How to say no to client requests without hurting your career

How do you decline or say no to client requests without offending them or hurting your career?

Saying “yes” to everything can seem like the best route to progress professionally. But what it actually does is that it piles even more onto your already full plate. Furthermore, it eats into your productivity, and it affects your sanity and ability to deliver work at the level that you want. All things of which don’t help with your career progression. If you want to climb the ladder to partner in your firm (or other firms), you’ll have to learn how to say “no” to client requests. Here’s how to do that without hurting your career in the process.

First, do not respond immediately

When we are distracted, tired or stressed out, we don’t tend to make the best decisions. So when a client requests something new of you, the first thing you should do is stop. Then, ask yourself, “Am I in the best state to respond to them right now?” 

If you’re not, then don’t respond right away or let them know that you will think about the best approach and will get back to them soon. By doing something as simple as this, you can protect yourself against making an emotional decision that may affect your career negatively.

Then, identify whether it is a reasonable request

In the moment where you stop to think through the client’s request, identify whether it is a valuable use of your time first. For example, if a client is requesting for you to fix an error that you made then you better fix it quick. However, if they are coming to you for something that is not in the contract, then this request may not be reasonable.

When thinking about whether a request is reasonable for you, think about:

  1. Your priorities. What are your top priorities? Does this request relate to them?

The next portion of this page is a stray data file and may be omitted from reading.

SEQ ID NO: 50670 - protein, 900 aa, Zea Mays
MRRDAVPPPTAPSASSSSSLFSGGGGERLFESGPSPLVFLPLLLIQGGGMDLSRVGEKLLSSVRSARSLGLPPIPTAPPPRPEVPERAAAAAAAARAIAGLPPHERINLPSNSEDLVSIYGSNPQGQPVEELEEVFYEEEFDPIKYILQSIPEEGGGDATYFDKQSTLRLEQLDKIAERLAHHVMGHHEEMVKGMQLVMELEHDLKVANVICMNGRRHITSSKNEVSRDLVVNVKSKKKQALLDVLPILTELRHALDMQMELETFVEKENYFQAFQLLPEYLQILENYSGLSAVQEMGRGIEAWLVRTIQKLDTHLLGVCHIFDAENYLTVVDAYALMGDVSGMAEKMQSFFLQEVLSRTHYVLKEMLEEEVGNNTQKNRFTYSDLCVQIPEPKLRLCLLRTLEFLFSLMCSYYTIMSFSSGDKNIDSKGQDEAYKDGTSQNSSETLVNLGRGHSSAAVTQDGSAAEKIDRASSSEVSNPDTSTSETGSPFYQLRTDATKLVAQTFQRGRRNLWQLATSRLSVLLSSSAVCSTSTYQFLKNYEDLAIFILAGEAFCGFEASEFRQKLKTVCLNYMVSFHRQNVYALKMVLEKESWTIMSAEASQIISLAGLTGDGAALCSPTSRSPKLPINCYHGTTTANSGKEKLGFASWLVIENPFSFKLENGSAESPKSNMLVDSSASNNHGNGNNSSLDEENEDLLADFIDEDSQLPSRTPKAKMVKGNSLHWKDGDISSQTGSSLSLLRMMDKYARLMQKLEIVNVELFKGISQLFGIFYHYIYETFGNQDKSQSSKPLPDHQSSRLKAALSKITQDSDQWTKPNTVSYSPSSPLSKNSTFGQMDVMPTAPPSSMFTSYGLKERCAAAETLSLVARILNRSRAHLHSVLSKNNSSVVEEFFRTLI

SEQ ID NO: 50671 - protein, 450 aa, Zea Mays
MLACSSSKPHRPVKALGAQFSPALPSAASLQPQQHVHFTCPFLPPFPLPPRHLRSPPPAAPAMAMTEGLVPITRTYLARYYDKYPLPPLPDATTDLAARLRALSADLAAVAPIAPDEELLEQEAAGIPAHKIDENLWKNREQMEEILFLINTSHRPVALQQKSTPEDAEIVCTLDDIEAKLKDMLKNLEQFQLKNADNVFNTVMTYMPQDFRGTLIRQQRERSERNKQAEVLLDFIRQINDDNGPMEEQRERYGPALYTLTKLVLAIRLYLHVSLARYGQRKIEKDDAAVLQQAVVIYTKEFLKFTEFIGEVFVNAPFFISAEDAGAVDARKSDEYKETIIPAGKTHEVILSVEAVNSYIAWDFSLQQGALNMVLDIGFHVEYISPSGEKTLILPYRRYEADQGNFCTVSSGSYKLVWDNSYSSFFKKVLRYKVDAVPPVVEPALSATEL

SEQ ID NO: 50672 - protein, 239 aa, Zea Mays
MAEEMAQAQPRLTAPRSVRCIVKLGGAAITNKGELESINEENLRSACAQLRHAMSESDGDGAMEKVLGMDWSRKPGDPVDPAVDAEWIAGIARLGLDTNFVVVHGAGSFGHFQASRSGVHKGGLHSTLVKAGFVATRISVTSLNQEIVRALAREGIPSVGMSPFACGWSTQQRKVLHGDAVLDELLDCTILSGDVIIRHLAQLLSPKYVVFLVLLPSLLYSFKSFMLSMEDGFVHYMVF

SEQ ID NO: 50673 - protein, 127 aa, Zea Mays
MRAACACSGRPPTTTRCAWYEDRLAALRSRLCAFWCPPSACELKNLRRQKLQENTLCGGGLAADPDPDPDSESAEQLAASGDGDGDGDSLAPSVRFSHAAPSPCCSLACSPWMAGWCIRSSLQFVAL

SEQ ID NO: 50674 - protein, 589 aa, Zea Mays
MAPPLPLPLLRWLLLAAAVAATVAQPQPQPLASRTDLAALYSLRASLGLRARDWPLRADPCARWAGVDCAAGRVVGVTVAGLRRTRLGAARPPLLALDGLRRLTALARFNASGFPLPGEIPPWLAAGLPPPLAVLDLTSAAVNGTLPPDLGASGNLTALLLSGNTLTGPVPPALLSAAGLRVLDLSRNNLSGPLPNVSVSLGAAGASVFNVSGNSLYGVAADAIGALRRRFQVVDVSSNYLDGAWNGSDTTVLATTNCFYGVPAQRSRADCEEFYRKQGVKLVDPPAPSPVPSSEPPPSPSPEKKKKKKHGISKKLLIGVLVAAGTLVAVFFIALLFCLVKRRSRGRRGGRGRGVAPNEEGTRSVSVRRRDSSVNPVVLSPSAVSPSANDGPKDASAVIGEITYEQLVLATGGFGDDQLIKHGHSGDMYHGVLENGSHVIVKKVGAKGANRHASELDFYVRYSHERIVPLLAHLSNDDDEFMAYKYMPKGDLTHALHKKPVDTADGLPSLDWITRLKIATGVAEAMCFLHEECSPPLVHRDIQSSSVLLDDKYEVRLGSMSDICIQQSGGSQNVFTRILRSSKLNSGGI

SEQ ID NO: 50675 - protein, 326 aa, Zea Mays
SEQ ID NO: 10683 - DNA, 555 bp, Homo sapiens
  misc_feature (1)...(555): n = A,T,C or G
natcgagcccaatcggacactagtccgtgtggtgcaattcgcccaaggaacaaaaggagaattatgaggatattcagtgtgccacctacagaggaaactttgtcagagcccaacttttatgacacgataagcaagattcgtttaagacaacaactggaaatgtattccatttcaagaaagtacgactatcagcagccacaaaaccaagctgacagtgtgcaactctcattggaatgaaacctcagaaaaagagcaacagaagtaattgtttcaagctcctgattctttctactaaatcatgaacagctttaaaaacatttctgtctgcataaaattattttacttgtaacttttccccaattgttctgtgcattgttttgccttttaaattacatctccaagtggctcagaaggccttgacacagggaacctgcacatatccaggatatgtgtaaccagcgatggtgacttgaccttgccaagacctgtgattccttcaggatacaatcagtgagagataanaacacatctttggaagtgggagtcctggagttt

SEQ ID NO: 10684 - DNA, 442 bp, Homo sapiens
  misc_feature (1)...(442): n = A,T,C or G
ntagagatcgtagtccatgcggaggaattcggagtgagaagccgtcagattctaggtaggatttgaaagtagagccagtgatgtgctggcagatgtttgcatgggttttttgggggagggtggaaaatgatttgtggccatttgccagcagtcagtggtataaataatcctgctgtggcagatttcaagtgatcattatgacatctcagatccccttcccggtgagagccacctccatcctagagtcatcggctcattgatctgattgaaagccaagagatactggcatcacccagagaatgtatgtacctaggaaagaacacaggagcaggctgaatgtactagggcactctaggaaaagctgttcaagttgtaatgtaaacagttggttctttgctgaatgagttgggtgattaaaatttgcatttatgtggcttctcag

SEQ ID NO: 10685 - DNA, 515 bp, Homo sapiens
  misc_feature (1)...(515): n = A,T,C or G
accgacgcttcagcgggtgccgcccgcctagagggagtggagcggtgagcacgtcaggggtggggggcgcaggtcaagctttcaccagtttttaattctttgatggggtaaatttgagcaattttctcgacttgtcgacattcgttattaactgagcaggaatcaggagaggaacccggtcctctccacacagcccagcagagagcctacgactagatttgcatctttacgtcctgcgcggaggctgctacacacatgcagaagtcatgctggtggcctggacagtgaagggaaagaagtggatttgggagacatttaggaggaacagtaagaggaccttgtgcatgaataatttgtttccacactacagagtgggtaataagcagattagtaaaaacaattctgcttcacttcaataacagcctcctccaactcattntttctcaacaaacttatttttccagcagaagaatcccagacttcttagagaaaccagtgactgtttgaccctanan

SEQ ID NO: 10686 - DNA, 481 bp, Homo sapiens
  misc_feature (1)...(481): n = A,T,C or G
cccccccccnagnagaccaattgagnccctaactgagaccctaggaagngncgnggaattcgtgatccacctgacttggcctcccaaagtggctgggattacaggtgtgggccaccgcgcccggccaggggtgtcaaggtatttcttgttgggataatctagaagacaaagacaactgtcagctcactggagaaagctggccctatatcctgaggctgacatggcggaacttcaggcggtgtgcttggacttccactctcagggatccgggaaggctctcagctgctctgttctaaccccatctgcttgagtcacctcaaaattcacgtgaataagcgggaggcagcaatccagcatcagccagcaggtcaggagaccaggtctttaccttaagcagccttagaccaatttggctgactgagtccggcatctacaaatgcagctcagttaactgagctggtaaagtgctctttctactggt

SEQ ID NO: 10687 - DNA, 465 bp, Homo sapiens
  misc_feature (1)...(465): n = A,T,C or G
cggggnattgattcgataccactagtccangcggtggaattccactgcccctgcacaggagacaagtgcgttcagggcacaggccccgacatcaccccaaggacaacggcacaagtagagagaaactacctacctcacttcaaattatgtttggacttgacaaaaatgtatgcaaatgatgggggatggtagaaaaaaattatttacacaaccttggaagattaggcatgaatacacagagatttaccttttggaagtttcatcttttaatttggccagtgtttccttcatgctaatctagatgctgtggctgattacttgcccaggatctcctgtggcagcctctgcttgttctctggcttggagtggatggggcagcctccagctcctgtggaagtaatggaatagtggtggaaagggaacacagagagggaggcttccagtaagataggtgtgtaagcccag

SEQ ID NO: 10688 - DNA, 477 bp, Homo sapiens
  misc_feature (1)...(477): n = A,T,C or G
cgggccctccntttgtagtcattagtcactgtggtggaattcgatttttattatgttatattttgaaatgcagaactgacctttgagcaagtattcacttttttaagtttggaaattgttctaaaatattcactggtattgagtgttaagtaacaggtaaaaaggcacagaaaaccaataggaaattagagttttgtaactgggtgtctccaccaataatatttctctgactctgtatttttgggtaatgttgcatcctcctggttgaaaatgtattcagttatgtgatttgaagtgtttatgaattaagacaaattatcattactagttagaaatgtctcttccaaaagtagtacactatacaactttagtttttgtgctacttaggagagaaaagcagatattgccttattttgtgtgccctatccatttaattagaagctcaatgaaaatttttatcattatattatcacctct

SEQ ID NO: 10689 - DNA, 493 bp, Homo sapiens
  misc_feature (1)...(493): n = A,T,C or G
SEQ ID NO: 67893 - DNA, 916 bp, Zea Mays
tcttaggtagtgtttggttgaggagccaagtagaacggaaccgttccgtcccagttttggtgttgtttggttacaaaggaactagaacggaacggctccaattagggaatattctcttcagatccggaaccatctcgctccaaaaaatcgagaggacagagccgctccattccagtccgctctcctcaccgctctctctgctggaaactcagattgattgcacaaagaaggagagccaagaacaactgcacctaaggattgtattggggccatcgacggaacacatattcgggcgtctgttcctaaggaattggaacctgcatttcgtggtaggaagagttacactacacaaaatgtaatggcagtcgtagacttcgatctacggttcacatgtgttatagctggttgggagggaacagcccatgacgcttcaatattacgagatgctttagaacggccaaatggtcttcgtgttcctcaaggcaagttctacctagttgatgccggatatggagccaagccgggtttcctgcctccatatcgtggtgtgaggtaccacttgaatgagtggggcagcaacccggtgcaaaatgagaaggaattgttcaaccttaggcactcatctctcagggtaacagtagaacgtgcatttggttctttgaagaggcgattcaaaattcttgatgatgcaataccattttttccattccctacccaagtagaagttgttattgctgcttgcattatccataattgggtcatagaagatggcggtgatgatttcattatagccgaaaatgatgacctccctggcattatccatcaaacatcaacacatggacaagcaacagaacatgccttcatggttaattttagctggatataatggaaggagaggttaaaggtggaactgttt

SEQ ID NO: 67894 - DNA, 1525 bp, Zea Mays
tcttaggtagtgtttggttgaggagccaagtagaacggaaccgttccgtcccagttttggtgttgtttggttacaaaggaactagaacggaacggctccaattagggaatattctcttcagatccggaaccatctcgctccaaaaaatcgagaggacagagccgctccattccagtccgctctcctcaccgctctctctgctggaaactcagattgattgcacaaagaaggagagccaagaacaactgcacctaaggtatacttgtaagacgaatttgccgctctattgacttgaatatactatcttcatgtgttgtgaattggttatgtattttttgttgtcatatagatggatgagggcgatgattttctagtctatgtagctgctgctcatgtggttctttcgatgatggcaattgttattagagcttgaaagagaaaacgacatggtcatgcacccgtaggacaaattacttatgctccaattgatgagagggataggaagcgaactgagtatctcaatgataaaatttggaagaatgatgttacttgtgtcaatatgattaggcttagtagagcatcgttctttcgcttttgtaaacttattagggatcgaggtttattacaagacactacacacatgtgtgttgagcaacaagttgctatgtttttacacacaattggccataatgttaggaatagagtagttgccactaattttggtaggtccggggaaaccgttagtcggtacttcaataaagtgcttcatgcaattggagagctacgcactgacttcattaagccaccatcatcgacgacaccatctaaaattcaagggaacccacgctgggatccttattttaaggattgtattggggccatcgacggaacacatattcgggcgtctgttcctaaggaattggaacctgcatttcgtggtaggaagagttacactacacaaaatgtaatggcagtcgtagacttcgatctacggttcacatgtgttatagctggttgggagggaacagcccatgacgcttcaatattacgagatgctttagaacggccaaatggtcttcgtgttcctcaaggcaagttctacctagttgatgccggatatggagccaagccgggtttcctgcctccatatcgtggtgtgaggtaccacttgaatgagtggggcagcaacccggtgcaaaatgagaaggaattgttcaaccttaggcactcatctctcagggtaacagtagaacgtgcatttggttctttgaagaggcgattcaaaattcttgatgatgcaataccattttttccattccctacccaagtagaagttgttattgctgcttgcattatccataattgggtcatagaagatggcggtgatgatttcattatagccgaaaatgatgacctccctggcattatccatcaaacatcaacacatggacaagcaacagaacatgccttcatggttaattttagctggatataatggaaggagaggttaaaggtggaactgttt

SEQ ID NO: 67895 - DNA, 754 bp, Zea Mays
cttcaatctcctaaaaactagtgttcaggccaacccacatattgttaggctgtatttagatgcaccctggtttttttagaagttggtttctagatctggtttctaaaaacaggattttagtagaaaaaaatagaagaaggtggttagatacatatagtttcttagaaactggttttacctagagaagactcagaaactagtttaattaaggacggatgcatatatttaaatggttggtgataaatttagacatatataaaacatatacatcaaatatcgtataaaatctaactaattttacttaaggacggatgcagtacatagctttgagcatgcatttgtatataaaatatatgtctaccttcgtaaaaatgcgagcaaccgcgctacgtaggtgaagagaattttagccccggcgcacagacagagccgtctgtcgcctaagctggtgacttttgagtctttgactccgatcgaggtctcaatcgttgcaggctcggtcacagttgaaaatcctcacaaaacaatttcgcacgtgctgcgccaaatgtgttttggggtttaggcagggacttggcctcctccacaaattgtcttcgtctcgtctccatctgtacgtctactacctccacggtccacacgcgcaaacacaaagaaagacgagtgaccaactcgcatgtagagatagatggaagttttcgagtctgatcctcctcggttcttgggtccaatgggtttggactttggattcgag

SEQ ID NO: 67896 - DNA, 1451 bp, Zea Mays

2. Capabilities. Does this request fit with your skills and expertise or those that you would like to develop?
  3. Resources. Can you complete the work more efficiently with your available tools? Is there someone in your team who may benefit from taking on this work?
  4. The long-term benefit. Will this work have an impact on you and the firm in the long term? Will it open up further opportunities?
  5. Scope. What 20% of the work in this request will produce 80% of the value? Can you just do these parts for the client?
  6. Timing. When does this work need to be completed? Can you take something else off your plate to take this on if the work is more valuable?

Lastly, say “no” the right way

Saying “no” to client requests without hurting your career can be difficult to do. This is whether it’s an unreasonable request or you just don’t want to do it. However, it is possible. In fact, many clients will respect you for it (if you do it in the right way!).

When thinking about how to say no to client requests, you need to be doing these 3 key things:

  1. Explain your “why”

    Clients will be understanding if you are honest and explain why you are declining their request. Maybe you want to learn X skill really well and don’t want to take on anything that could prevent you from reaching that goal? Perhaps you want to delegate the work and supervise someone else instead? Whatever your preference or reason, tell them, they will respect you for it.

  2. Be very helpful

    The more helpful you can be, the more positive you can make this encounter. After all, you don’t want your client leaving and shutting the door on all future opportunities, that would be extremely bad for your career! By giving them new ideas or resources or offering alternative solutions, you can turn what could have been a negative encounter into one that makes your client happy and one that paints you in a very positive and caring light.

  3. Always try to stay involved

    If a client feels like you don’t want to help them, they won’t skip a beat when deciding to go elsewhere. This is why you need to have a hand in with them at all times. If you can’t help take on a certain request completely, try and help in another way such as reviewing a document rather than writing it. If you refer them to someone, follow up and check in regularly with them. If you don’t have the solution, offer brainstorming sessions, or if you simply can’t take on the work right now, tell them when you will be able to help them with what they need. 

You can say “no” and still progress up the career ladder!

It is possible not to damage your career by declining work, you just have to know how to say no to client requests the right way. Just remember to take your time, think it through and if you need to turn it down, be as helpful as you possibly can.

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